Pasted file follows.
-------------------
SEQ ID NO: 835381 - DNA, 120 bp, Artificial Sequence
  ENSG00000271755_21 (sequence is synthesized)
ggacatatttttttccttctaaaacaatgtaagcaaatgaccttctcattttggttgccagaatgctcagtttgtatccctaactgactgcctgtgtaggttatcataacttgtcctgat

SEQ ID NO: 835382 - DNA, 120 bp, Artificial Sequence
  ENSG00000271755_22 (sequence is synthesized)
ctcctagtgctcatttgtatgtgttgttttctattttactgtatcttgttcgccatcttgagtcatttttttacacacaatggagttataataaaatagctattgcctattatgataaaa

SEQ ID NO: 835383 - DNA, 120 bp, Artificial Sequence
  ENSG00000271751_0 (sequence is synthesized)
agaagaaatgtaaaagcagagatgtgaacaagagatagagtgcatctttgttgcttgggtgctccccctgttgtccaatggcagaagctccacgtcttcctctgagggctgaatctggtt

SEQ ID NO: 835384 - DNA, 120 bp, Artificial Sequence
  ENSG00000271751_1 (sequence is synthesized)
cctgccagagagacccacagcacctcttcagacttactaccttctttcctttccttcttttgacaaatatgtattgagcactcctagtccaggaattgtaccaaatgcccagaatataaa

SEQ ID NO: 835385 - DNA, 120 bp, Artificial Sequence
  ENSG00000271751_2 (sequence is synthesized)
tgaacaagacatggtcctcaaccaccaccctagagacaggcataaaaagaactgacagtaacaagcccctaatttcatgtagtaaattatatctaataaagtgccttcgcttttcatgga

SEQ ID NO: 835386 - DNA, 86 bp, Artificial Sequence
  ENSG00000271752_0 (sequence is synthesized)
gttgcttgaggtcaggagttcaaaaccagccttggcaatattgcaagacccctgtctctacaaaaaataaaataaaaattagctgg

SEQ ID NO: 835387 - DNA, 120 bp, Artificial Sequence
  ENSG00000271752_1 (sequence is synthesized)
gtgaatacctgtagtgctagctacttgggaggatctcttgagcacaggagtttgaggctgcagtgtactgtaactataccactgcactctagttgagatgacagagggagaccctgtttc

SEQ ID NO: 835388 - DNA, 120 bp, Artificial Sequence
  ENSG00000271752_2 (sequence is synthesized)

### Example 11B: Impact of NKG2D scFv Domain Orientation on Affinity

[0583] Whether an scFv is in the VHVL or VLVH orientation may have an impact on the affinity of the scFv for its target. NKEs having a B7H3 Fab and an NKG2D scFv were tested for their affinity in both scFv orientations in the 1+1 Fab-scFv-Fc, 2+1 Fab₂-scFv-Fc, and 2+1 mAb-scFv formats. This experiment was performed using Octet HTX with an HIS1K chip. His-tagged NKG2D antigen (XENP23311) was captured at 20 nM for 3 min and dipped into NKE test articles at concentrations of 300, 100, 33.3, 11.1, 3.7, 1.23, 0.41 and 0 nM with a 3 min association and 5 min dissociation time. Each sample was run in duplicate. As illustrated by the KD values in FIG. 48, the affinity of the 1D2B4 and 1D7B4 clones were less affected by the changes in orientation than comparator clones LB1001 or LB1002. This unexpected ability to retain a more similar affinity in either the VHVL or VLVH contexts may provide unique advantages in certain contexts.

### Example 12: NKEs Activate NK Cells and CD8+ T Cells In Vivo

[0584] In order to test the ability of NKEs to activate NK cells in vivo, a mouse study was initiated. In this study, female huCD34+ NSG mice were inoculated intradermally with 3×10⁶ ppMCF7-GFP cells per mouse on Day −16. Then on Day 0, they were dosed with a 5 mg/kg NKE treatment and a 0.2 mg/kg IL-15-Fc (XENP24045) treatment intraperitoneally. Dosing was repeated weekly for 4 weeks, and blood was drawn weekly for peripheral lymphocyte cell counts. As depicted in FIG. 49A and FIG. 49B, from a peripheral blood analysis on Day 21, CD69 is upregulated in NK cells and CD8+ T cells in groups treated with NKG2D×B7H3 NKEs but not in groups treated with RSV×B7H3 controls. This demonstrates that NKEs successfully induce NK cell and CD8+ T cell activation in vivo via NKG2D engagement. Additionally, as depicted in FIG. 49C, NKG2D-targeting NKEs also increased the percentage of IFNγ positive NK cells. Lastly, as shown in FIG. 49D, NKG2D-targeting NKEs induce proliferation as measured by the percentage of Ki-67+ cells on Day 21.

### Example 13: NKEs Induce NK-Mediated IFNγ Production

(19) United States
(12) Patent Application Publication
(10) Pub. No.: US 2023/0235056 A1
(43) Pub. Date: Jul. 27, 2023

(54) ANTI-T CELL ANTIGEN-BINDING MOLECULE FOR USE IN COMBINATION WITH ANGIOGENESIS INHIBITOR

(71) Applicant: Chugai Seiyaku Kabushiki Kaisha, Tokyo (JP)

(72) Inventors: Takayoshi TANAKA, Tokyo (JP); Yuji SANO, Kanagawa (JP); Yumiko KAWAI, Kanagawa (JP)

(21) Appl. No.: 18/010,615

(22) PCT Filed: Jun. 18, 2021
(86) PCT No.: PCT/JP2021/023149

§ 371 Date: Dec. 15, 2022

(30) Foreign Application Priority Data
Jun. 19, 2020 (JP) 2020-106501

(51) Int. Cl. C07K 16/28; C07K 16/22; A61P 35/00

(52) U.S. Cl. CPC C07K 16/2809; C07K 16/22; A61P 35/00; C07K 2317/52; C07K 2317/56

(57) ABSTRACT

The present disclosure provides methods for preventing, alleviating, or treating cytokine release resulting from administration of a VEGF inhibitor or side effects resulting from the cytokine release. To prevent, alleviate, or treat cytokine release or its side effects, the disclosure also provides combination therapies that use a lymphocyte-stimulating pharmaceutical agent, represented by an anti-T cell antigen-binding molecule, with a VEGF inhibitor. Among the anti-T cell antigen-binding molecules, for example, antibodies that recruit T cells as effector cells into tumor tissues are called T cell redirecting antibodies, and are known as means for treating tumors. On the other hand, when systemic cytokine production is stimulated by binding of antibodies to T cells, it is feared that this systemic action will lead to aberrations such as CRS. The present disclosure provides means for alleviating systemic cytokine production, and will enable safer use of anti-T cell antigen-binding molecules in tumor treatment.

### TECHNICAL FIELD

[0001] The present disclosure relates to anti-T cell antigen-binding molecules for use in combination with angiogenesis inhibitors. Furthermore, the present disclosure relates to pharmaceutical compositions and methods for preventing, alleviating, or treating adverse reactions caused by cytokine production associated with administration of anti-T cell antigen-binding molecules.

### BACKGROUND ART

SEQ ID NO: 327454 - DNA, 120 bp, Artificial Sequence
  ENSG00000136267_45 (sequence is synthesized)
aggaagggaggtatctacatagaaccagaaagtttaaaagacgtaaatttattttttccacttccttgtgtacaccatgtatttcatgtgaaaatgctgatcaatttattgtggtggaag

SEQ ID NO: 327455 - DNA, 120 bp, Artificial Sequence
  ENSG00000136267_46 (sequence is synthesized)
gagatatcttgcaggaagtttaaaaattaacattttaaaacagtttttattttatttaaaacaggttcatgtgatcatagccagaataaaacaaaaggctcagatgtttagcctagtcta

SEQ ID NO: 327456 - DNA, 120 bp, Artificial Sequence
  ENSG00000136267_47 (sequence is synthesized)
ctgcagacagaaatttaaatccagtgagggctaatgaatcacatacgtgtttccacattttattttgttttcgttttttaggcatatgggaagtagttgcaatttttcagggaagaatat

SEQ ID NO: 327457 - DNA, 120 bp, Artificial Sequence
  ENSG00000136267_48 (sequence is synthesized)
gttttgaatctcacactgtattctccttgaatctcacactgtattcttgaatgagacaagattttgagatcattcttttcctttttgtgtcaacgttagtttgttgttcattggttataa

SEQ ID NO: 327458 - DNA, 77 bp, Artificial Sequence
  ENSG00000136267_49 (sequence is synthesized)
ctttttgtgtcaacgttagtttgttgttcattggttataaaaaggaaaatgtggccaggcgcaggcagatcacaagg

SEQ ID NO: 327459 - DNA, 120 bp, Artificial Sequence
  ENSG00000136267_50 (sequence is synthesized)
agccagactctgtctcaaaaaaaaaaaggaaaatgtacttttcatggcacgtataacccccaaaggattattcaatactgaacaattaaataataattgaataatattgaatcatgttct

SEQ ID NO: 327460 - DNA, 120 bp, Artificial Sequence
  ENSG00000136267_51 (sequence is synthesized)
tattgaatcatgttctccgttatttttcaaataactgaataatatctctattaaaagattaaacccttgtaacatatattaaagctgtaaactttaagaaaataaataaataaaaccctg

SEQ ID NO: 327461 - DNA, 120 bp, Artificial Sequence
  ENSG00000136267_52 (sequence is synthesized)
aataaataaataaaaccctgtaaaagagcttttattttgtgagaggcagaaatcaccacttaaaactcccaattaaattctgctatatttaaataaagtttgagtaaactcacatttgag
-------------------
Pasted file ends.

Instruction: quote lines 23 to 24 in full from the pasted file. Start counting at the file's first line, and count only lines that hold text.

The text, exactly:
  ENSG00000271752_2 (sequence is synthesized)

### Example 11B: Impact of NKG2D scFv Domain Orientation on Affinity